MSNBC’s Joy Reid Defends Lewd Book in Schools, Gets Obliterated Live on Air by Guest

MSNBC’s Joy Reid Defends Lewd Book in Schools, Gets Obliterated Live on Air by Guest

Any good lawyer will tell you that you should never ask a question in public when you don’t already know the answer. Thank heavens that MSNBC’s Joy Reid isn’t a lawyer, much less a good one.

Liberal activist? Sure. Loose-lipped firebrand who once had the audacity to claim that archived versions of her blog were hacked to include homophobic comments about then-Republican Florida Gov. Charlie Crist? Absolutely. (There was no evidence to back that up, which Reid herself admitted.)

Malapropist extraordinaire who once alleged, on air, that Georgia Gov. Brian Kemp “bioengineered” a white electorate to beat Stacey Abrams in the 2018 gubernatorial race? Totally.

But a lawyer? No, not even a Lionel Hutz-level hack jurist. And thank ye heavens — because Reid’s guest on her show Friday was Moms for Liberty co-founder Tiffany Justice. In the interview, Reid asked the conservative activist why she wanted to ban books like “All Boys Aren’t Blue” from public school libraries.

Justice’s response it essence was: Because the book involves rape, incest, pedophilia and sex toys. Yeah, a trial lawyer might have seen that one coming. It wasn’t the last time Joy and her team probably wished they’d done some case prep, either.

Reid began the interview by playing a clip of Justice saying that parental rights involved “direct[ing] the upbringing of their children,” including “their values, education, their morals, their religious and character training.”

She then asked if she still believed in this definition.

“Yes, it’s a God-given right to direct the upbringing of your children,” Justice responded.

A-ha! Reid pounced! “Do LGBTQ parents and parents of LGBT kids, do they have parental rights?”

“Every parent,” Justice responded. “Every parent has the fundamental right to direct the upbringing of their kids.”

… oh. That didn’t quite go as planned.

On to the next point, which is that a Washington Post report in May found that, of over 1,000 book challenges the Post looked at for the 2021-22 school year, the majority were filed by only 11 individuals filed them and each individual had filed 10 or more challenges. These “serial filers” were responsible for 60 percent of the filings nationwide.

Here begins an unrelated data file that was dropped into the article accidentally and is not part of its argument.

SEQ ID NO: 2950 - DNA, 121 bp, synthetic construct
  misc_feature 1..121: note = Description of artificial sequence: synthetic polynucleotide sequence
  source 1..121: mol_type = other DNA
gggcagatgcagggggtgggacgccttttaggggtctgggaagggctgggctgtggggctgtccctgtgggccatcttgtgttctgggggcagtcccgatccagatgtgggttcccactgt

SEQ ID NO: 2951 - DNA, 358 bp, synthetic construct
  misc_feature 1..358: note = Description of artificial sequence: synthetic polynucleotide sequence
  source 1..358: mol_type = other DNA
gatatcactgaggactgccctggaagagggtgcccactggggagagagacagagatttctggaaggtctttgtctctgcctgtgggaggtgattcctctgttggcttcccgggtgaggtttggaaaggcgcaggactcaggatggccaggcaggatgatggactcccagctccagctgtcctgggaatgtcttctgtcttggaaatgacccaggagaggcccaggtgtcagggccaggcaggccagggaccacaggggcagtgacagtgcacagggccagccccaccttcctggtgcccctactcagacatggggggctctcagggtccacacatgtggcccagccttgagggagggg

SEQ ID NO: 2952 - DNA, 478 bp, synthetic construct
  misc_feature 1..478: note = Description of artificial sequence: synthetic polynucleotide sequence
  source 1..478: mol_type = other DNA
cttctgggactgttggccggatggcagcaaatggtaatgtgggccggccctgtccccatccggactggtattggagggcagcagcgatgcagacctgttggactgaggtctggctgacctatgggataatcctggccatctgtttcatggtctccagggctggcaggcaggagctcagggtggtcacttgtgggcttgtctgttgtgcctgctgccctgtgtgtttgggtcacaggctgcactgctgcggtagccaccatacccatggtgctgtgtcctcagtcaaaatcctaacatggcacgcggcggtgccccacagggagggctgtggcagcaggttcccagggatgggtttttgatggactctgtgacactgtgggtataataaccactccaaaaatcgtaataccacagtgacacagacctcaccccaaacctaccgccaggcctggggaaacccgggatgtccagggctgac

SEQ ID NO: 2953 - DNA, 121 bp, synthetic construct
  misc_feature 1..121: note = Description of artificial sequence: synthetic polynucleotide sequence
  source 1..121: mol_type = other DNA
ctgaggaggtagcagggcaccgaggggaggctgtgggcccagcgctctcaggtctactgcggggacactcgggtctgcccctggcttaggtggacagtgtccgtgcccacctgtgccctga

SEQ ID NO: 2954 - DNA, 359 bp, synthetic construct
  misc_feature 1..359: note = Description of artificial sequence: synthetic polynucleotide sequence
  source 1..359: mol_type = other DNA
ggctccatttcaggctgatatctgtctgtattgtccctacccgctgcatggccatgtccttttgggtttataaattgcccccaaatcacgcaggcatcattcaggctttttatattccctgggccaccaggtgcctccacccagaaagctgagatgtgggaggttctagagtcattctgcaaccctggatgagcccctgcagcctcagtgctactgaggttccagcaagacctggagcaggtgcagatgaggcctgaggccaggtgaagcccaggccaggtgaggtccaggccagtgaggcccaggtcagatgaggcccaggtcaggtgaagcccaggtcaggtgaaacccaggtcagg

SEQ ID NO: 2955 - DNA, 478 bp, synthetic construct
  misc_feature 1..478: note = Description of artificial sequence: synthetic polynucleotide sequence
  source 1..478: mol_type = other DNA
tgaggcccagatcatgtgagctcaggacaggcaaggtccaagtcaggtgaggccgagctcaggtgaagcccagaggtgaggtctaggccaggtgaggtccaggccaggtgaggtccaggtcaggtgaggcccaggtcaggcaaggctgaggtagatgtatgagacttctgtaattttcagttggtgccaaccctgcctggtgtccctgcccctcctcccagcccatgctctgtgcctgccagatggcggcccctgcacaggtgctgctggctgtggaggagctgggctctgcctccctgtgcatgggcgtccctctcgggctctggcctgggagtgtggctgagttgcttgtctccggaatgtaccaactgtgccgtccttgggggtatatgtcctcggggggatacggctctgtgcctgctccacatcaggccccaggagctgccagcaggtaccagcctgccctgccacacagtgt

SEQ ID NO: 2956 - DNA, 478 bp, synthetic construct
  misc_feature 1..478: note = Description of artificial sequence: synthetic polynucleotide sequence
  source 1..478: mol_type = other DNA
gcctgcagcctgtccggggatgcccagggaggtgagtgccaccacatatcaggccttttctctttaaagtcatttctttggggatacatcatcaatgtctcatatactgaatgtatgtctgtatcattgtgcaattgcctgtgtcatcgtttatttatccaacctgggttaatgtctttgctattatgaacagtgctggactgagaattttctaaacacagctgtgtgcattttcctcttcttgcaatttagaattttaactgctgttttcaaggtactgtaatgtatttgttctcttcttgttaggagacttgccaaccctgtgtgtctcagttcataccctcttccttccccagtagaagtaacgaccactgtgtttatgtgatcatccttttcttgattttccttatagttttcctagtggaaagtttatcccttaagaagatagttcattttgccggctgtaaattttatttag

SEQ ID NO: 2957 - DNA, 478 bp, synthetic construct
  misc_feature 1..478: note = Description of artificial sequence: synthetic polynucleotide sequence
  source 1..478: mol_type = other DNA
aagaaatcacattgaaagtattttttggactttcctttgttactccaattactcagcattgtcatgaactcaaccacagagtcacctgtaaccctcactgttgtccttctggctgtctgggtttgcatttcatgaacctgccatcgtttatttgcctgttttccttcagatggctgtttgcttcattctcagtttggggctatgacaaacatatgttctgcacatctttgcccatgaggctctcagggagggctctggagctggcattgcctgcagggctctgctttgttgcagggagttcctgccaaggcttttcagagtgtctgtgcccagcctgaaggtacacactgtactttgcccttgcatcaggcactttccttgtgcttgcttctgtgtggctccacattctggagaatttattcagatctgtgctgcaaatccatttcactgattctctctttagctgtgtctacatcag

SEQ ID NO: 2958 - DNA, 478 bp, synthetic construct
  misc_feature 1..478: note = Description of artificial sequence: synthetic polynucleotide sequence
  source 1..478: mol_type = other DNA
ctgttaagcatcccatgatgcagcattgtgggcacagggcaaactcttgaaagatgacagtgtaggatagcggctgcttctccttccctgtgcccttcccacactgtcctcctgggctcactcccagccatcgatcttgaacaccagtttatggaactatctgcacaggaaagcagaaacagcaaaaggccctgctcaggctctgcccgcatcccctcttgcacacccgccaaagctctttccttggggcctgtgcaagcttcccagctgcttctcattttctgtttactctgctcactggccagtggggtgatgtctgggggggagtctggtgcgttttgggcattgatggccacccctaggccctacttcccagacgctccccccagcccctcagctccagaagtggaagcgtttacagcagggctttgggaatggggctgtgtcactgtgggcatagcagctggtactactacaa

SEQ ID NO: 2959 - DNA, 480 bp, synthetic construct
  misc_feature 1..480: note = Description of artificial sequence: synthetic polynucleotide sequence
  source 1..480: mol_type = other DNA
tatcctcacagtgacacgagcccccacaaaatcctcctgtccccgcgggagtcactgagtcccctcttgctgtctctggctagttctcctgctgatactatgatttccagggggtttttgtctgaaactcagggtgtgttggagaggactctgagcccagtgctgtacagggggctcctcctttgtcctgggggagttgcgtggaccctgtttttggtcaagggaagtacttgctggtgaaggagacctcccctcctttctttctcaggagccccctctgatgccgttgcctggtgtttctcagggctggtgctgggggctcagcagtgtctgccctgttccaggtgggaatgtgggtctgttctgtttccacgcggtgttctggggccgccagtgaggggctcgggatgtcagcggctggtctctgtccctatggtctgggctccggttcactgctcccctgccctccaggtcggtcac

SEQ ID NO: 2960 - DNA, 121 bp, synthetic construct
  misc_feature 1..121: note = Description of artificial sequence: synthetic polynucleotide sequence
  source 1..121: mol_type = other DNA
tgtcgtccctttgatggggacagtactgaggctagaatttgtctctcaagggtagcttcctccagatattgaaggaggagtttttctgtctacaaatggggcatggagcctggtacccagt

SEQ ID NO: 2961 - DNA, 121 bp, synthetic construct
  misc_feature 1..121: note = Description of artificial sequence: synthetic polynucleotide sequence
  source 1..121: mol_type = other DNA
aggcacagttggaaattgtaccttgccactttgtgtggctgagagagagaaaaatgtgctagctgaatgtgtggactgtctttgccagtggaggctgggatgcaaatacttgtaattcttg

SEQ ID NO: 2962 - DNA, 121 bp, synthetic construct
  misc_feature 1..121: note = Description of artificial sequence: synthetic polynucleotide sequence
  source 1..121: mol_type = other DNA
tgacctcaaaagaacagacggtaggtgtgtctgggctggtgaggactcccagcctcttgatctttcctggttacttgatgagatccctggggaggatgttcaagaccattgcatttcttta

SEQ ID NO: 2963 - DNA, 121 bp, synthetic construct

Similar results were reported in Florida in an August by the Tampa Bay Times, which found that only two individuals, a father in Clay County and a high school teacher in Escambia County, had filed about 600 out of about 1,100 complaints filed since July 2022.

“Why should 13 people get to decide what books tens of thousands of children get to read?” Reid asked.

“Well, I’m thinking it’s probably because those 13 people saw what some of the content was in the books,” Justice said. “Explicit, graphic sexual content — and I’m happy to talk about some of that content if you would like to.”

Reid did not: “Well, this is the question again — the books that are being banned, I want to give you …”

“No books are being banned,” Justice shot back. “I want to be clear, no one is banning books. Write the book, publish the book, put it in a public library. We’re talking about a public school library.

“Children don’t have unfettered access to the internet at school,” she continued. “I did a records request and I wanted to see what kind of internet sites are banned in schools. If we’re going to talk about banning, and the subject matter in the books that moms are concerned about, they’re the same things that kids don’t have access to on the internet.

“So it just feels very hypocritical, right? Why is no one out there protesting for, you know, ‘Free the internet in schools!’?”

Reid didn’t bother to answer this question. She’s no lawyer, but not even Clarence Darrow could defend Pornhub in public school classrooms.